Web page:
We all have the opportunity to leave a legacy.  It is comprised of the values we esteem, the impression we leave on others, and the choices we make.  It is defined by the way we lead and the way we serve.  And it is wrapped up by the way we finish.  While we all have our bumps along the road of life, the finish line is what really matters most.  A strong finish can make you forget all the mistakes in between.  But what happens when you fail to end well?  How would it feel to know you have failed at leaving a worthwhile legacy to those behind you?

Such is the case with Saul.  He started off so well.  He was the first king that Israel ever had.  Sure he made mistakes along the way, but he had the opportunity to finish out his reign and his life with dignity and pass something onto those behind him.  Instead, he spent his latter years consumed with trying to hunt down David and kill him.  He visited a medium to call up the spirit of Samuel because he couldn’t get God to answer him.  Just really bad choices, people!

What sticks out to me the most, however, is his miserable finish.  He doesn’t go down fighting valiantly defending the honor of the Lord.  No, he fell on his sword and killed himself.  Lame.  And that was it, the end of the first king of Israel.  All that I can remember about his reign was the fact that he was a miserable failure who died a cowardly death.  Legacy FAIL.

There is no way I am going to follow in Saul’s footsteps.  I am going to finish well.  Even if I have no sword and I have to fight the enemy with my dentures – so be it!  I will be marked as a man of God, full of courage.  And I am going to think about the legacy I am leaving too.  Because we leave one whether we try to or not.  Some people might leave a legacy of alcoholism, abuse, violence, or anger.  They don’t mean to, but they do.  So I am going to think about what I am passing on.  I am going to work at it.  I am going to consciously leave a legacy every day of my life.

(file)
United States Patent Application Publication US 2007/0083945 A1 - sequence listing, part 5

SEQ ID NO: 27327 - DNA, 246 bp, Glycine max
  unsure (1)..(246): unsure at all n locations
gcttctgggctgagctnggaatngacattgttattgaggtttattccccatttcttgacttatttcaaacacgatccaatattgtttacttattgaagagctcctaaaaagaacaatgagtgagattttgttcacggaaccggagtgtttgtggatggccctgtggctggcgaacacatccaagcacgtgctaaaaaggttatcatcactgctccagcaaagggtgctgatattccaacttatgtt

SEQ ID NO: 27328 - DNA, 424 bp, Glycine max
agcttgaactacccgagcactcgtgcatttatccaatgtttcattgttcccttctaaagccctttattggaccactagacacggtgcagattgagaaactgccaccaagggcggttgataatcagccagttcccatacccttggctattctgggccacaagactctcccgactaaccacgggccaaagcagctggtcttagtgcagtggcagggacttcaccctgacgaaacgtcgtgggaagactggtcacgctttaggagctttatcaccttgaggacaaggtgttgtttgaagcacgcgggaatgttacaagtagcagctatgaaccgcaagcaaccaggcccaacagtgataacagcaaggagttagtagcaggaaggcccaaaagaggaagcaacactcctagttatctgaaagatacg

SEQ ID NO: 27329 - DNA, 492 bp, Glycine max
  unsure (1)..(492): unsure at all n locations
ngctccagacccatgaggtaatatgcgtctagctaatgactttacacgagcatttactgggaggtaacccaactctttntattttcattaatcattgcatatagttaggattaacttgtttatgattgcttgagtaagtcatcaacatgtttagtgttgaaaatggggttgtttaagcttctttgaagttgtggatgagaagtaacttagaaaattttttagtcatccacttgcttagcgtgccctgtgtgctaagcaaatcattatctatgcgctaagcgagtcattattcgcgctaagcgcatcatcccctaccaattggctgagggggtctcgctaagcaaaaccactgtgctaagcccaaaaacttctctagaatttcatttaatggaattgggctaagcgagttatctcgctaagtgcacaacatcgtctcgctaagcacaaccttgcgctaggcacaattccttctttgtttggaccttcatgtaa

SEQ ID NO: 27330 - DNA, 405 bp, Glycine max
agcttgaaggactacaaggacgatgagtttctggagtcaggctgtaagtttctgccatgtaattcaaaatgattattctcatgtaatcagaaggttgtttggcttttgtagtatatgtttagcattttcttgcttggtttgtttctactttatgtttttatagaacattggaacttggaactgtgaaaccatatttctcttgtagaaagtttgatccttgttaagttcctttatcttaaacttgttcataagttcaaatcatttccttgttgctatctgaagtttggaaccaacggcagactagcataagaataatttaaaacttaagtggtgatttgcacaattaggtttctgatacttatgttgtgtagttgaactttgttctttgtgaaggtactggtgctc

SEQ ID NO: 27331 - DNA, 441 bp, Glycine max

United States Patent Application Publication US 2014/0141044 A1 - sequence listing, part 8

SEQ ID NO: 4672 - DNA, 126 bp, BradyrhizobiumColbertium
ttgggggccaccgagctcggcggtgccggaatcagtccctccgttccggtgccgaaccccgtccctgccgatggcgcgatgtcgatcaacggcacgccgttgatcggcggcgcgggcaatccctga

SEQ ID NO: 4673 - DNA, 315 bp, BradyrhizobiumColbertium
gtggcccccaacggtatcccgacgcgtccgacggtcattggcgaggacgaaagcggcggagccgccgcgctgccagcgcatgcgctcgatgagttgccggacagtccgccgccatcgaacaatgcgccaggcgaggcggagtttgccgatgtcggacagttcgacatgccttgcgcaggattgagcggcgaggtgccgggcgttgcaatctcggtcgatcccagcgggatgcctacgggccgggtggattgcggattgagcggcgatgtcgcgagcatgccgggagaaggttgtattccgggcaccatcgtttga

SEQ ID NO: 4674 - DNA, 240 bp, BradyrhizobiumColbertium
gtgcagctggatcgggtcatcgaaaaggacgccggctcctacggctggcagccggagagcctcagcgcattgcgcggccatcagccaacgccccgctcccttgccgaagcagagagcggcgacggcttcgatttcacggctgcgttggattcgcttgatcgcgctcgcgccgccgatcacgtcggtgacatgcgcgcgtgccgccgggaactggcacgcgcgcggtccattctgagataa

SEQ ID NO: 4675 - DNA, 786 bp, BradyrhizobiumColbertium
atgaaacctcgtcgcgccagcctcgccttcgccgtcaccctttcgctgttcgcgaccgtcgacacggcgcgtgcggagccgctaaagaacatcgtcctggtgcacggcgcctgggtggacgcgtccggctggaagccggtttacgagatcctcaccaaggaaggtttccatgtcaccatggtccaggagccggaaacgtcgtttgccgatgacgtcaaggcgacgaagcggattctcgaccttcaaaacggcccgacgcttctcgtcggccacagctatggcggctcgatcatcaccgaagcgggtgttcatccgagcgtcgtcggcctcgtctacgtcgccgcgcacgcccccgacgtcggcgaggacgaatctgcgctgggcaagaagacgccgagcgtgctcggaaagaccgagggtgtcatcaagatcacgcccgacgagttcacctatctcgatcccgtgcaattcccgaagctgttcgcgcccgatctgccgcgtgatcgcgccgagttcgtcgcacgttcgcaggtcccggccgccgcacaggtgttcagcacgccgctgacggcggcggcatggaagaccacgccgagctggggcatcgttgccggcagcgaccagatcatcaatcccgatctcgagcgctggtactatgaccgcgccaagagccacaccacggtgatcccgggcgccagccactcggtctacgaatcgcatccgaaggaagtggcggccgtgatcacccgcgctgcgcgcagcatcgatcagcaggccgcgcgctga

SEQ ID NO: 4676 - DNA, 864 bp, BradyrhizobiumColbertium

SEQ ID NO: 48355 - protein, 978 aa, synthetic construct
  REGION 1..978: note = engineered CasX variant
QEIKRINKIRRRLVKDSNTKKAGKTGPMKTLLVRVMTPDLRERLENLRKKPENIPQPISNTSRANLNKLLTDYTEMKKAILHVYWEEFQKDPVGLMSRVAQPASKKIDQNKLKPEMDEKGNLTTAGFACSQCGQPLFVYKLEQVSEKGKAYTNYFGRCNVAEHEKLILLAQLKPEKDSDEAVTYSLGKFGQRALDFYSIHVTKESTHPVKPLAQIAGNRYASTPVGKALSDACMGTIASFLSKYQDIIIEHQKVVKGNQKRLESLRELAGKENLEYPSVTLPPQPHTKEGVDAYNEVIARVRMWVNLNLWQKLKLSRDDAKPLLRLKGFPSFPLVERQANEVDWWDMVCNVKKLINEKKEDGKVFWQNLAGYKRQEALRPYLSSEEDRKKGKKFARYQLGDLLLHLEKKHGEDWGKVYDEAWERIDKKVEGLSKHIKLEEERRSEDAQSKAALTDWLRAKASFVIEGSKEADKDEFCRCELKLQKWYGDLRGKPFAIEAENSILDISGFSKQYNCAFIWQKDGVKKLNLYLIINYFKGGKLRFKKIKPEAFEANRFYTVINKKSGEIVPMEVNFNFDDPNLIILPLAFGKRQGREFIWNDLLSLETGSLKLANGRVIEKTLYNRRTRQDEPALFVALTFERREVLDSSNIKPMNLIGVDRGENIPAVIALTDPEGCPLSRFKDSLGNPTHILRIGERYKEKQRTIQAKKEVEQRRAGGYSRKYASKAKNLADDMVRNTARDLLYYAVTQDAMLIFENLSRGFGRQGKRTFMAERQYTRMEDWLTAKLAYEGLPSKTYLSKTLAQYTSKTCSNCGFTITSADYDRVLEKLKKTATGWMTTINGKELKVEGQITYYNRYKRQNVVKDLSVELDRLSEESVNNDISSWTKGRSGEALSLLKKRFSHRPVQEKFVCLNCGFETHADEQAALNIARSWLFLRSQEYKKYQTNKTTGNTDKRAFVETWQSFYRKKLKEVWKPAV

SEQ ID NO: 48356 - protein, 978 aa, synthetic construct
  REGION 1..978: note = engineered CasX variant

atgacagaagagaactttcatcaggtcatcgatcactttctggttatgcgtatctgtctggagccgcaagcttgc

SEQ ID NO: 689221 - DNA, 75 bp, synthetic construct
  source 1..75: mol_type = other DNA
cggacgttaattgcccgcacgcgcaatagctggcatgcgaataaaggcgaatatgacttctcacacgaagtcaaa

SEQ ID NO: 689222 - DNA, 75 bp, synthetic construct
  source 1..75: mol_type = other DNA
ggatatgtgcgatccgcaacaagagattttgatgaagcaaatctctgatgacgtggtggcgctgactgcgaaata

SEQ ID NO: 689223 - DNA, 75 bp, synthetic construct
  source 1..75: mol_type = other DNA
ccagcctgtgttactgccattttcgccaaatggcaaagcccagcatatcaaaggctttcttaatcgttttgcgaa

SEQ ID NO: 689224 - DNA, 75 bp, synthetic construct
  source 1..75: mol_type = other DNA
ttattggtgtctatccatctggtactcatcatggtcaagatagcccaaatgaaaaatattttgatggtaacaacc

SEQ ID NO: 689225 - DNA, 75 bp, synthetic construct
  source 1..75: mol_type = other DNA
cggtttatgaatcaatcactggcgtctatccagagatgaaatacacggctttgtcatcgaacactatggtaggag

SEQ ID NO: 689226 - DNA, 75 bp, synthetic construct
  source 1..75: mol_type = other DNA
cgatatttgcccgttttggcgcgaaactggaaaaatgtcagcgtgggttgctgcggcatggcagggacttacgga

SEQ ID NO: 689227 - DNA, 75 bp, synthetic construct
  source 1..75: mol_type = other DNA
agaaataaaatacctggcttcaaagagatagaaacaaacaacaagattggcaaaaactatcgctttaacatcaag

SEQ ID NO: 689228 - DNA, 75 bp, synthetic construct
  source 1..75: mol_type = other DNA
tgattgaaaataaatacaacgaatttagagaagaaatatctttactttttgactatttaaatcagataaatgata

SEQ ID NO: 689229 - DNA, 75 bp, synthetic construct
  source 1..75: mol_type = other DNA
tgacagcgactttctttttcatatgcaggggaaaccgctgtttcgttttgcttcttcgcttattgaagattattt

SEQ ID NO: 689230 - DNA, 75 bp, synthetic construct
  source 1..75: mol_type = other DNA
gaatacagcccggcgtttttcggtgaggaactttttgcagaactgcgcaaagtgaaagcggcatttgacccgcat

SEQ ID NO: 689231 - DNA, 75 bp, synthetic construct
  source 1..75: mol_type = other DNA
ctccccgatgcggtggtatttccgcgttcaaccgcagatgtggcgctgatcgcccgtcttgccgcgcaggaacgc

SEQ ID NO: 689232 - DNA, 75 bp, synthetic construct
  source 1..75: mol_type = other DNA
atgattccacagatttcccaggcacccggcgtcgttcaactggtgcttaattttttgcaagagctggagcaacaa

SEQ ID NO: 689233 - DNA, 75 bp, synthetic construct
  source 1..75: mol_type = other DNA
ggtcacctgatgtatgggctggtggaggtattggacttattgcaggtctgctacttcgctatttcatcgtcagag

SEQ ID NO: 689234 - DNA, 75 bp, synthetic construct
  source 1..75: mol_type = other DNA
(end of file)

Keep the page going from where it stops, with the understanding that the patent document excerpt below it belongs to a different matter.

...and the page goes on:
Outsourcing your Sword is a bad idea

I Samuel 13:19-22  19 Not a blacksmith could be found in the whole land of Israel, because the Philistines had said, “Otherwise the Hebrews will make swords or spears! ” 20 So all Israel went down to the Philistines to have their plowshares, mattocks, axes and sickles sharpened. 21 The price was two thirds of a shekel for sharpening plowshares and mattocks, and a third of a shekel for sharpening forks and axes and for repointing goads. 22 So on the day of the battle not a soldier with Saul and Jonathan had a sword or spear in his hand; only Saul and his son Jonathan had them.

Here in the thirteenth chapter of 1 Samuel, we find the Israelites in a bit of sticky situation.  Apparently they had been living for quite some time having outsourced their weapons to their enemy.  I know, I know – it seems like quite the tactical error.   Why in the world would they rely on another country to produce all of their needed materials?  What kind of foolishness is this? I mean, we would never do that now in America.   (*cough, China)

What strikes me the most is not the fact that they outsourced, it was in what they outsourced.  They outsourced their swords.   Outsourcing your sword is never a good idea.  But I think we as Christians have a tendency to outsource or swords.  Now by swords, I mean THE SWORD, of course – the Word of God.